Golden Age of Television has spoiled the modern audience. Thanks to increased quantity and quality of content available now, the shows that were made before that era are increasingly looking less impressive than when they aired first. It happens even to the shows that enjoyed enormous popularity or created their own cult status. Sometimes this is due to technical or content limitations being too apparent, sometimes due to new shows in much more imaginative way and sometimes simply because old shows ran out of steam. This, to a certain degree, happened to The X-Files, science fiction television series that originally aired in USA between 1993 and 2002 (not counting short 2016-2018 revival). Like many such long shows, there were many changes between beginning and the end – newly introduced showrunners, newly introduced characters, new styles. However, the closest the show was to the original vision of its creator Chris Carter was during first three seasons, aired from 1993 till 1996.
First season (1993/1994) introduced the basic concept and two protagonists. Fox Mulder (played by David Duchovny) is talented and experienced FBI agent who, because of his belief in paranormal and willingness to investigate various “weird” cases got relegated to obscure one-man unit dealing with “X-Files”. Dana Scully (played by Gillian Anderson) is FBI agent with medical and couple of other science degrees assigned as his partner, with vague task of debunking his work. Two of them begin their work by investigating cases related to UFO sightings and alleged alien abductions, but soon branch out to other paranormal phenomena or negative side effects of advanced science. Although Mulder is a believer, while Scully is a sceptic, two agents quickly become close friends. First season was, like with many such shows, partially experimental in nature and most paranormal themes were used for stand alone episodes that would later be called “Monster of the Week”. Couple of episodes dealing with UFOs and government conspiracies were more connected and that included season finale “Ehrlenmayer Flask”, which ended on very sour and dark note, with X-Files being shut down.
Second season (1994/1995) was affected by Gillian Anderson’s pregnancy, which ultimately helped Carter to further develop what would later be known as X-Files mythology arc. Since Scully’s character had to be taken out of the show for a couple episodes, Carter and his team decided to have her mysteriously abducted in two-parter episode (“Duane Barry” and “Ascension”). Such episodes would later become standard for advancing general plot of the show’s mythology. Second season also introduced the character of Alex Krycek (played by Nicholas Lea), treacherous FBI mole that would become one of the show’s main antagonist. Two characters that briefly appeared in the first season also became prominent – Assistant Director Walter Skinner (played by Mitch Pileggi) who, despite trying to work by the book became the closest thing to ally among Mulder’s higher ups; and Cigarette Smoking Man (played by William B. Davis), mysterious and sinister government official that belongs to conspiracy. Quality of production generally improved in the season while there were also attempts for stylistic and tonal difference in certain episodes, like “Humbug”, tale of circus freaks written by Darin Morgan. Unlike the first season, the finale (“Anasazi”) ended with cliffhanger to be resolved in next season.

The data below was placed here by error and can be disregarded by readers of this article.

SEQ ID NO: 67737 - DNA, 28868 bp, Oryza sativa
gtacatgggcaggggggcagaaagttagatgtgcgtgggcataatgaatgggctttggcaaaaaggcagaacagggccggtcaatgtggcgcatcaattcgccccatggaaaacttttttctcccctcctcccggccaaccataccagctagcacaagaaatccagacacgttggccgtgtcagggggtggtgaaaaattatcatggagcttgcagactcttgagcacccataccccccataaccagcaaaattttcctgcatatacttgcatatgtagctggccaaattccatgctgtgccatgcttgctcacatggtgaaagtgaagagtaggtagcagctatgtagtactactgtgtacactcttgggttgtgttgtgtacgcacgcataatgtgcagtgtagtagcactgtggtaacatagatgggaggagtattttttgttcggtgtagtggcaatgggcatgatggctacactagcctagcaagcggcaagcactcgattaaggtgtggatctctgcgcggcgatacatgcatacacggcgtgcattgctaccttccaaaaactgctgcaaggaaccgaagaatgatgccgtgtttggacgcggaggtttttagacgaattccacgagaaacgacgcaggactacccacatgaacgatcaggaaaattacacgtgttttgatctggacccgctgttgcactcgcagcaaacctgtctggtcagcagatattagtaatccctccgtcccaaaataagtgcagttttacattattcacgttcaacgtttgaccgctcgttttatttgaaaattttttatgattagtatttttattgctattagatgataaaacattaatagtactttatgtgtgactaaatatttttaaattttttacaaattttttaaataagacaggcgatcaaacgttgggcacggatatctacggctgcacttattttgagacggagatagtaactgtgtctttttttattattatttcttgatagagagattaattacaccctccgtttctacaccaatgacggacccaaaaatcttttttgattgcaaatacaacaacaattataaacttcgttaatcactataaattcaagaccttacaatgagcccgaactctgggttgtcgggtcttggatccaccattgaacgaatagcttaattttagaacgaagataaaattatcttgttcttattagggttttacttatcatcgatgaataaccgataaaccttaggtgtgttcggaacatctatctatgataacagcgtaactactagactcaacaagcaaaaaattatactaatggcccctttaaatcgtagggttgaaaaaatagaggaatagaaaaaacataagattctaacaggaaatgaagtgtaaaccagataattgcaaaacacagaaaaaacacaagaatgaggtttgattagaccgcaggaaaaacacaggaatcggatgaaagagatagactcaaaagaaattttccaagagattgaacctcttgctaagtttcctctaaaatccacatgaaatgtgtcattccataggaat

Third season (1995/1996) became even better. It began with the two-parter (“The Blessing Way” and “Paper Clip”) which tried to tie government UFO conspiracy with some of the real life conspiracies from the past, most notably World War II, a motive that would be further explored by another two-parter (“Nisei” and “731”). Motive of government’s wrongdoing and two FBI agents having to fight increasingly powerful and ruthless forces became even more enhanced with show’s tendency to kill off popular recurring characters. On the other hand, themes and settings, especially those in “Monster of the Week” episodes showed great variety. The best episodes were, again, those with slightly more humorous touch – “Clyde Bruckman’s Final Repose” and “Jose Chung’s From Outer Space”. Both were written by Darin Morgan and featured veteran character actor in main guest roles (Peter Boyle and Charles Nelson Reilly).
The X-Files was one of the most popular shows of 1990s, although its emphasis on paranoia and government conspiracies looked somewhat anachronistic in the self-confident post-Cold War America under Bill Clinton. The audience was more attracted with the show’s somewhat unusual style and willingness to experiment, at least within the limits of broadcast television. The X-Files, shot on locations in and around Vancouver (which, for the most time, successfully stood for various locations in USA and the rest of the world), owed a lot to Twin Peaks, another show that had experimented with different styles and genres. Unlike Lynch’s hit, The X-Files wasn’t limited to same setting or constrained with straight narrative arc. “Monster of the Week” episodes allowed that the general plot develop more gradually and, more importantly, lack of creativity among Chris Carter wasn’t that apparent. Starting from fourth season, The X-Files would begin to make its mythology more complicated and more elaborate, increasingly depending on melodramatic plot twist that would ultimately turn the cult science fiction show towards soap opera. In some ways, it was inevitable, since 1990s US television still wasn’t ready for new opportunities and new formats given by new medium of cable and streaming. The X-Files nevertheless managed to remain on air for next six season, although none of them managed to look as fresh and innovative as the first three.
RATING: 7/10 (+++)
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